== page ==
Silverstone considering terminating British GP contract
BRDC write to members warning of "potentially ruinous risk"; Track says races in 2017, 2018 and 2019 not under threat
By William Esler
Last Updated: 09/01/17 10:56am
Silverstone's owners, the British Racing Drivers Club, are considering axing the British Grand Prix because of the "potentially ruinous risk" posed by hosting fees.
ITV News reported on Thursday that the BRDC last month informed all members in a letter that it was giving serious thought to exercising a break clause.
"The board is considering whether we should give notice before the 2017 British GP (as required) of our intention to exercise the break clause in the contract at the end of 2019," wrote BRDC chairman John Grant.
"This is not a simple decision and we shall consider all the implications before coming to a conclusion by mid-year.
"We have to protect our club against the potentially ruinous risk of a couple of bad years," Grant added.
"Without some change in the economic equation, the risk and return are out of kilter."
Silverstone declined to comment on the letter but said the 2017, 2018 and 2019 races are not under threat.
The circuit has a contract until 2026 to host the race, but both Silverstone and F1's promoter have the right to exercise a break clause.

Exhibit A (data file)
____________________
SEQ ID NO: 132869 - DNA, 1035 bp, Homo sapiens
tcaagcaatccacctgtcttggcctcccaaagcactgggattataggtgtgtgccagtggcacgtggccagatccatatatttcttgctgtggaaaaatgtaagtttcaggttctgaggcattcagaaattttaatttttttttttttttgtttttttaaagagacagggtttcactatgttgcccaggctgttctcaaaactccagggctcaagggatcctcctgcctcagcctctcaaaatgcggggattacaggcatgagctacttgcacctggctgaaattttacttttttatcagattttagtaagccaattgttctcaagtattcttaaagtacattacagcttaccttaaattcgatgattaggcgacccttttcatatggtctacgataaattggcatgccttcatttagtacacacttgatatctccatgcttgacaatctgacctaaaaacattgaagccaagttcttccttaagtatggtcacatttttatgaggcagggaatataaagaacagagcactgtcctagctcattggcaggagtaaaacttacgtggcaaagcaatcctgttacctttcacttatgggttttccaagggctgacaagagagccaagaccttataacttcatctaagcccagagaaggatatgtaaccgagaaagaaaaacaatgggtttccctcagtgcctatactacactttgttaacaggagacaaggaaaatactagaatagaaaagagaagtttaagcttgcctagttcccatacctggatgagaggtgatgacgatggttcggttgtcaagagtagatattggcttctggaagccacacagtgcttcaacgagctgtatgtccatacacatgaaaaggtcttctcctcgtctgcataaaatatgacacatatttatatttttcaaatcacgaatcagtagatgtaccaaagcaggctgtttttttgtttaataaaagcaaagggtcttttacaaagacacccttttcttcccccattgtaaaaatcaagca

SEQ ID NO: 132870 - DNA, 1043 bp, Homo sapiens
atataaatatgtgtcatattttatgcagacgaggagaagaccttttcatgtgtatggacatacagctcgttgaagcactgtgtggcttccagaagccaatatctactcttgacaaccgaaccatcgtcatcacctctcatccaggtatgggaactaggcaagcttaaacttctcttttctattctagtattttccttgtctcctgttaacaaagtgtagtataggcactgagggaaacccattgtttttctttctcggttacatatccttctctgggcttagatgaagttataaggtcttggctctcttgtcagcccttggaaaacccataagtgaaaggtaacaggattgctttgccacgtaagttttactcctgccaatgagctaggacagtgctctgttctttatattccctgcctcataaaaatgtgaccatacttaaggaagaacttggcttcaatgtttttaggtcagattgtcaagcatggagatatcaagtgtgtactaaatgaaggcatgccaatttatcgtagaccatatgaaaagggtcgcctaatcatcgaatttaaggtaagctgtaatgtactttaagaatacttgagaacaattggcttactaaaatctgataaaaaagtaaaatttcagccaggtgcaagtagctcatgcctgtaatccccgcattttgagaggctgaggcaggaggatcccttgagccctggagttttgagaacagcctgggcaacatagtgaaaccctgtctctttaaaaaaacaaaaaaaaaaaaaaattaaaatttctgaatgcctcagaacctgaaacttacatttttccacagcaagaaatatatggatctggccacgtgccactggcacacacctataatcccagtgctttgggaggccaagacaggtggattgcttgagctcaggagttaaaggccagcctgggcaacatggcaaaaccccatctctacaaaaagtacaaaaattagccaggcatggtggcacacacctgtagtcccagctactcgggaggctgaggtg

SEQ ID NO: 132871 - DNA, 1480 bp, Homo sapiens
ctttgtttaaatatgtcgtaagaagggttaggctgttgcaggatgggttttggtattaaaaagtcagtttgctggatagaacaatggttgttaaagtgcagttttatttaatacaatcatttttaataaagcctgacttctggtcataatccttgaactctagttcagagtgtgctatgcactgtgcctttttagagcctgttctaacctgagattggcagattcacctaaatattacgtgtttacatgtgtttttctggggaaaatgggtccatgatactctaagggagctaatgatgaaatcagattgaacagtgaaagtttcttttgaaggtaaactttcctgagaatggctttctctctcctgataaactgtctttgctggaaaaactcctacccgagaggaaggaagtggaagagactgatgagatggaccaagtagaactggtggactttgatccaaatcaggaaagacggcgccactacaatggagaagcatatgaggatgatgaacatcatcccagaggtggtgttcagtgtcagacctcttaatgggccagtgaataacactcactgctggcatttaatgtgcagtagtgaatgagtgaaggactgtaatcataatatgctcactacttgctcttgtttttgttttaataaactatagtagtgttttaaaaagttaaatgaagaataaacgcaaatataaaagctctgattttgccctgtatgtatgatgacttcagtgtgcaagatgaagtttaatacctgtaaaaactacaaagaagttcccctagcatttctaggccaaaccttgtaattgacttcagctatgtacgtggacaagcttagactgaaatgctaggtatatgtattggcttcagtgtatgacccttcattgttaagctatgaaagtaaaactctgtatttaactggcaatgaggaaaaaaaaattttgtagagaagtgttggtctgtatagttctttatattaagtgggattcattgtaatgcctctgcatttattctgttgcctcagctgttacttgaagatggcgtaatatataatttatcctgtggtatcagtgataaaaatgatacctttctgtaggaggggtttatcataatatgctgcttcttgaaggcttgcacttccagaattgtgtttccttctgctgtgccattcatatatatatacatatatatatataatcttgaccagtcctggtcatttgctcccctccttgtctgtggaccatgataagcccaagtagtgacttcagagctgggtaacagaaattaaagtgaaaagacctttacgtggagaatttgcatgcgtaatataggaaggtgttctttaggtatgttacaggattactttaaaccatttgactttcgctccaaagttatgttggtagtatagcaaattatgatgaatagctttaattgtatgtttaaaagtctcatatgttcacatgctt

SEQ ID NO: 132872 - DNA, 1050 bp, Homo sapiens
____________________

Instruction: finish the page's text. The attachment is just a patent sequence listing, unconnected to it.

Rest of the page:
Despite attracting nearly 140,000 fans to this year's British GP, Grant revealed the event still "fell short of budget".
But if Silverstone does pull of out hosting the British GP, F1 supremo Bernie Ecclestone says the race could still be staged at an alternative venue.
"If they want to activate a break clause, there is nothing we can do," Ecclestone told ITV News.
"Two other tracks have contacted us and we are keen to keep a British Grand Prix, there is no doubt about it, we want to have one.
"As far as Silverstone is concerned, it's not in our hands."
Donington Park could have been a potential alternative venue, but the circuit say they are not interested in bidding to host the race.
"Since the very successful restart of Donington Park six years ago, the board at the circuit has consistently made it clear that we have no intention of bidding for the British Grand Prix," a spokesperson told Sky Sports F1.